Demystifying ai for airlines

by | Feb 19, 2020 | Airlines, News

by David Kaplan JANUARY 21, 2020

This article originally appeared on Kambr Media – check out this link and more for the latest news on the intersection of commercial aviation and tech.

“Whenever you see delays, cancellations or re-routing through to another city, often when you see a lot of passengers not happy for whatever reason. That’s an area where airlines can do a good job, a better job, in deploying machine learning and understanding,” says Experience The Skies’ Larry Leung. 

It’s one thing for a commercial airline to talk about its retail digital transformation. After all, announcements of new artificial intelligence programs and app upgrades are made by carriers’ executives practically every week.  

It’s another thing to prove what digital transformation actually means in practice. 

Last week, we reviewed Delta Air Lines’ strategy for its rollout of personalized digital billboard messaging platform Parallel Reality with Larry Leung, founder and director of Research and Strategy at Toronto-based aviation/travel tech consultancy Experience The Skies.  

In the case of Parallel Reality, which will debut in Detroit Metropolitan Airport in mid-2020, Leung says utility should be the foundation of the technology’s use. Developed by engineering/design startup Misapplied Sciences, Parallel Reality uses digital signage in public places, such as an airport or in the corridors of a sports venue, to display specific image messages to individual passersby even within a crowd. 

In this wider conversation, Leung shares his views of how airlines should approach more general use cases involving AI/machine learning, loyalty/rewards programs, and revenue management/dynamic pricing. 

*** This interview was done as part of Kambr Media’s role as an Official Media Partner of the Aviation Festival Americas (May 12-13, Miami) ***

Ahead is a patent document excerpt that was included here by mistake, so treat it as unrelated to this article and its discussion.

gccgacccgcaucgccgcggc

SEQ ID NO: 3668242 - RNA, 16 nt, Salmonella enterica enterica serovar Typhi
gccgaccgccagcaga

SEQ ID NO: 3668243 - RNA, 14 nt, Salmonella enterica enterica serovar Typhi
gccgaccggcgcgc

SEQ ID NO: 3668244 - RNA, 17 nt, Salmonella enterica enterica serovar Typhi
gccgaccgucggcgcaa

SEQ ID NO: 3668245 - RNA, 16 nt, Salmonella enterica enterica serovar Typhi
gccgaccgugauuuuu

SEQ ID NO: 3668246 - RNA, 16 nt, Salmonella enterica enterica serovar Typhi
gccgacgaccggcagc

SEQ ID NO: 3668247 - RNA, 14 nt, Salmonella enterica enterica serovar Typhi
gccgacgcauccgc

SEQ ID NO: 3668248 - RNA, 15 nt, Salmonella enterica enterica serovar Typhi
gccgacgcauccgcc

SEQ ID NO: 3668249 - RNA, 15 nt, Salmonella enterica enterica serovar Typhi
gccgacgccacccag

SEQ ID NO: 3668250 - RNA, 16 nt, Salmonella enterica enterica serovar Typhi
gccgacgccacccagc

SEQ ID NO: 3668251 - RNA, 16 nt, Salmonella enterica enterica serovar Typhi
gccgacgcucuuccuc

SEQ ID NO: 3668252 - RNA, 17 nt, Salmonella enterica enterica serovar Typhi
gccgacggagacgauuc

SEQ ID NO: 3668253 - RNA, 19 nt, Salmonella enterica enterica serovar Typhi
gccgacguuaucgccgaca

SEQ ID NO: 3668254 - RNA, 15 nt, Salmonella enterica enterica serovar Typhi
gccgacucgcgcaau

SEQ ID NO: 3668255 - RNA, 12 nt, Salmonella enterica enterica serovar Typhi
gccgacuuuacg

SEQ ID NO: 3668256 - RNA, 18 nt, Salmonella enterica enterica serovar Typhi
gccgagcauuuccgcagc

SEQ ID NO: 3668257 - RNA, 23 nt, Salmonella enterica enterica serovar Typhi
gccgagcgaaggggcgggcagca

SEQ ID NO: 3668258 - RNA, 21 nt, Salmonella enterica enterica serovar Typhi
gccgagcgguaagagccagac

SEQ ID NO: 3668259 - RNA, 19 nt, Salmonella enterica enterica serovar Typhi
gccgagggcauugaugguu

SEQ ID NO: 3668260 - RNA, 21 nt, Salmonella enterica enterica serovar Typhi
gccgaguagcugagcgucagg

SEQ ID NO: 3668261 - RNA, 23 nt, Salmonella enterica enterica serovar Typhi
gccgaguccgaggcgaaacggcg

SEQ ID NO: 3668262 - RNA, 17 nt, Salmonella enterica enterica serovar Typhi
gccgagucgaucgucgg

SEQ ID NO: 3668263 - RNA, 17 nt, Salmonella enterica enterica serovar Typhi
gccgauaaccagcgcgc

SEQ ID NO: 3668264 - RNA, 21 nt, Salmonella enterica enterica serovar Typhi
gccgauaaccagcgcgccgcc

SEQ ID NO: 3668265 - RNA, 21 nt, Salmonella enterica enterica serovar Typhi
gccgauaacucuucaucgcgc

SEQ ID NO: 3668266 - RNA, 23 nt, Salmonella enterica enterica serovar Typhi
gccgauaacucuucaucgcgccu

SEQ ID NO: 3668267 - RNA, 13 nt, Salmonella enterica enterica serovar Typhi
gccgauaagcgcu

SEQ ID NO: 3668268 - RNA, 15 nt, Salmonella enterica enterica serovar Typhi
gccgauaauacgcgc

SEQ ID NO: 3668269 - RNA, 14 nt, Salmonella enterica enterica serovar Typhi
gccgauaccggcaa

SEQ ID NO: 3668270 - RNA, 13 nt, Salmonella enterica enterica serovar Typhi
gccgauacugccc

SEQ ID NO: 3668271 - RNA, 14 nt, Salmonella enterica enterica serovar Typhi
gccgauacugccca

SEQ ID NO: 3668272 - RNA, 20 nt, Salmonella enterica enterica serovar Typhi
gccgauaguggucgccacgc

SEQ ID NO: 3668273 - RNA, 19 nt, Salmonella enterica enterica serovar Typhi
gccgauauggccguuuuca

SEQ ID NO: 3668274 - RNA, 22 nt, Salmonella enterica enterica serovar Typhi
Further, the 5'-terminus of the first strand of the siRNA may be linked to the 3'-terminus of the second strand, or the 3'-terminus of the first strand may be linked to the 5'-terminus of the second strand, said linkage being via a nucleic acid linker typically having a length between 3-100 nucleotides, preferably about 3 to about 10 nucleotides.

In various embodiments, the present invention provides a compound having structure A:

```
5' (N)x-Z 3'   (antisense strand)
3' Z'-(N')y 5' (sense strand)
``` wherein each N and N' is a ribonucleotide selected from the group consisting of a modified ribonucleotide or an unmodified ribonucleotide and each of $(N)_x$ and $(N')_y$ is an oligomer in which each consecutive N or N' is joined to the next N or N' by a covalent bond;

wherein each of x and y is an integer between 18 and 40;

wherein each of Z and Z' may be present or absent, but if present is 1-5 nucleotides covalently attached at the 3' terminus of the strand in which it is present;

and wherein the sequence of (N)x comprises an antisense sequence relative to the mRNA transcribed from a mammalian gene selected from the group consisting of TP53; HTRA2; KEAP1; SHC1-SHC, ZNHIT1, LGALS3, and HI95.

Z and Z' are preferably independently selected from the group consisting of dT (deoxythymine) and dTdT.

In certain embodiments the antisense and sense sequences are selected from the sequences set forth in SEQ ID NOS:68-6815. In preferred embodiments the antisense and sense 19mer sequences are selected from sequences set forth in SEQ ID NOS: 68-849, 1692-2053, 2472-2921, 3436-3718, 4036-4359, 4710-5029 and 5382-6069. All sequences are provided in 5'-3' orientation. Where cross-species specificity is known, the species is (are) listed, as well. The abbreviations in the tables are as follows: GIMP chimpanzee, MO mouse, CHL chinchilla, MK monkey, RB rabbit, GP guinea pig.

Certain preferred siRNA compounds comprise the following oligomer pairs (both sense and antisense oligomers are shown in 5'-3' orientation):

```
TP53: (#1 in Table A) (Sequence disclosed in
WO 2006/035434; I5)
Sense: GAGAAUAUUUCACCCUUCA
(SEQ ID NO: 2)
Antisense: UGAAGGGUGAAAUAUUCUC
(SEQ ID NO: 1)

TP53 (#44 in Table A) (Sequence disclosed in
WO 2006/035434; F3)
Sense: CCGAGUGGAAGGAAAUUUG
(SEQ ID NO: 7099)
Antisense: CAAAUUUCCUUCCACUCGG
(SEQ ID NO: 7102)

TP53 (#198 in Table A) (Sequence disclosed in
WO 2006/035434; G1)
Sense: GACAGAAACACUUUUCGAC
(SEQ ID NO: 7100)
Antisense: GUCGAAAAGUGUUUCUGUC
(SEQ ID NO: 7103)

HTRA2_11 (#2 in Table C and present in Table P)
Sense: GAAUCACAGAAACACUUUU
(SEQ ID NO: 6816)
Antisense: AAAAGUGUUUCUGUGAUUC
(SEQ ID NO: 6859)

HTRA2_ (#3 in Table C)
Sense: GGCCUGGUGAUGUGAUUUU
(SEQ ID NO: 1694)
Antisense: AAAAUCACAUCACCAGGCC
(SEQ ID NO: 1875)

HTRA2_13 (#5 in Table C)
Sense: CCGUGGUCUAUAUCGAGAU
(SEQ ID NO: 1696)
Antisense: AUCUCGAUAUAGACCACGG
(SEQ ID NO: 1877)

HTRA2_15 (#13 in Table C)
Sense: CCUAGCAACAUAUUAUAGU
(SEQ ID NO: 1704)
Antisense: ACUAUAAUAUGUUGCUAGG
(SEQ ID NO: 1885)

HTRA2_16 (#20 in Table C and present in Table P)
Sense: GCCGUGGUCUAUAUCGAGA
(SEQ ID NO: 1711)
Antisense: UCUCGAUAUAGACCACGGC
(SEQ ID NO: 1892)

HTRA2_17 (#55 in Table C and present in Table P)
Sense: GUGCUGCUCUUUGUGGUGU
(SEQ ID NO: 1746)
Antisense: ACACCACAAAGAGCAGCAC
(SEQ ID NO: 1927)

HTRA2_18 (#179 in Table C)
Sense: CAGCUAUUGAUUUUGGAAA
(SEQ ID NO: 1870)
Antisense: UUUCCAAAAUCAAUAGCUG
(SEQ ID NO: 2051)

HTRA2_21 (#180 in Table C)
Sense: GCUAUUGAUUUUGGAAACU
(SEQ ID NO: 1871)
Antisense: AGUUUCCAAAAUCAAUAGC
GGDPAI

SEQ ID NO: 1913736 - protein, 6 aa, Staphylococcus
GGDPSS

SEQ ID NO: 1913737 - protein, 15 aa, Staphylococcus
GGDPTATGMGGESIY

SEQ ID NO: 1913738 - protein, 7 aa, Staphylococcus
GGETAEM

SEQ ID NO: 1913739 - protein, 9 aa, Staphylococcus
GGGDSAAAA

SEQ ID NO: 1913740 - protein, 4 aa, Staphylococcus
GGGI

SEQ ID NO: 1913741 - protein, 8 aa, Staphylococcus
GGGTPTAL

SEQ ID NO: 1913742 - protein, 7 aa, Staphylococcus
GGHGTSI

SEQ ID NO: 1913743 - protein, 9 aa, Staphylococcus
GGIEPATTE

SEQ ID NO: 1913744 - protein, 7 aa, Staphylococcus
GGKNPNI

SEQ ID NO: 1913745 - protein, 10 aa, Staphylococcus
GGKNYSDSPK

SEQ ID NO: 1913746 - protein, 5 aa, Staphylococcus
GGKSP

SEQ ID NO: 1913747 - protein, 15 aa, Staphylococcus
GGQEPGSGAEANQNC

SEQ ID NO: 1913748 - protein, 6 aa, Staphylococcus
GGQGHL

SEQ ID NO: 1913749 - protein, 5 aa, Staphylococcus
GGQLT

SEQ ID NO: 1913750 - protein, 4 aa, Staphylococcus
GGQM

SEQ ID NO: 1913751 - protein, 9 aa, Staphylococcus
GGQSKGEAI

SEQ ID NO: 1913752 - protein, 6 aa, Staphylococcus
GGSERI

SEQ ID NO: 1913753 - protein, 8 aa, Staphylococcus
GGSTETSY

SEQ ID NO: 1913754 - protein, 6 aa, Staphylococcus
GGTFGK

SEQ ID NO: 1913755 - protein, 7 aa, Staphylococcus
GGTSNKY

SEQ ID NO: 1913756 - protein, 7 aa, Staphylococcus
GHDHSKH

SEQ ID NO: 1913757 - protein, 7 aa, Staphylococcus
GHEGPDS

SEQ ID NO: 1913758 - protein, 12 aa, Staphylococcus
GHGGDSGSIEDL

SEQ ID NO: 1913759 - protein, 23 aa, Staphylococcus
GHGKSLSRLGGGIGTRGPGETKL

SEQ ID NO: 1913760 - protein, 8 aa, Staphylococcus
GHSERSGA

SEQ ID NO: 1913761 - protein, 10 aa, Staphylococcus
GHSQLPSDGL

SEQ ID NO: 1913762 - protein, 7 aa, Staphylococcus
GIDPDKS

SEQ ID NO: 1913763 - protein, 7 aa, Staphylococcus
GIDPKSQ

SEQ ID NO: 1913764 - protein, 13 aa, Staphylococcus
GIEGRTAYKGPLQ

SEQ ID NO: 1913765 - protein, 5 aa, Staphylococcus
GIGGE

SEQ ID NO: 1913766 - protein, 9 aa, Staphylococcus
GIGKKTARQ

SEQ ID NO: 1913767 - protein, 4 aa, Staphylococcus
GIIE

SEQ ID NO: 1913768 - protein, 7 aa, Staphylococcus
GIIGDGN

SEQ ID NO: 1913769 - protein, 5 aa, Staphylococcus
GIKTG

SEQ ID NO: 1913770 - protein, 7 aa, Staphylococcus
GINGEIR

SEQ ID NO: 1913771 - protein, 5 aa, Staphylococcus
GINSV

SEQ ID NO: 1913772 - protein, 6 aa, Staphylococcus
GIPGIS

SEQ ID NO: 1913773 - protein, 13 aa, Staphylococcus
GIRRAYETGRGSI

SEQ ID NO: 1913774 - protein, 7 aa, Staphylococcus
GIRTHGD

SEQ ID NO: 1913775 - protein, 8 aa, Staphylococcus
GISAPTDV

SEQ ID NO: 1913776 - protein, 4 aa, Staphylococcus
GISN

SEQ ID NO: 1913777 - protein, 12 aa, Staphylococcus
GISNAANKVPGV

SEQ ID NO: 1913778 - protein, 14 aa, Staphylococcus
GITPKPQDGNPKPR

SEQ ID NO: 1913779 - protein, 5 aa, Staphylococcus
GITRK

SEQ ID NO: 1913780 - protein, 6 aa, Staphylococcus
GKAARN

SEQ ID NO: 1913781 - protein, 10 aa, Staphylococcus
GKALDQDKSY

Kambr Media: How did you start Experience the Skies and what kind of clients do you consult with? 

Larry Leung: I started Experience the Skies about five years ago. I had a background in IT and customer experience through Price Waterhouse and Coopers and TD bank group. I was already doing a lot of application IT security and was focused on integrating helping businesses figure out what those applications mean to the customer. 

In addition, I really loved aviation as a kid. I remember going to the airport with my father when I was maybe six or seven and just watching planes take off and land. Since then, I’ve had a fascination with flying, and with travel in general. I realized that I wanted to get into a space where I can help customers through the tech experiences I already had already been working on at consulting firms. Everybody travels and after speaking to a number of people, I realized that there is a gap in integration, specifically when it comes to issues involving communication. 

When I started the company, I asked myself: What does it mean to bring a better customer experience? What are the marketing, the technology integration and loyalty program and communication components that bring the travel journey a better thing for everybody? 

At the end of the day, travel is a storytelling exercise: you go on any trip, business or leisure. At the end of the trip, you want to tell someone about it. “Oh, I experienced something amazing and I want to go back again,” or “That didn’t work out for me, so if you encounter this type of problem, this is what you need to do.” Everything’s about storytelling. So I want to build that as part of travel journey. 

Where do you think airlines are in terms of their “digital transformation” at this moment? 

It’s definitely uneven. The term “digital transformation” can be very confusing for a lot of people, because there is no true definition to it. It depends on what the companies are doing to manage the digital platforms and how to really use data and really what is the digital strategy. 

With that in mind, I think it’s disjointed working on digital transformation between airlines and their airline alliances. We already see that. We see people use digital transformation for anything from the beginning, which is where they engage a customer to their service and products, and to the onboarding process, where they acquire you as a customer. From there, it’s about letting you go through the motion of using the products and services. 

If a company or airline or a hotel were to say, “We are going through a digital transformation process,” that means they should look into every touchpoint possible to see whether or not there could be interactions between the company and the customer.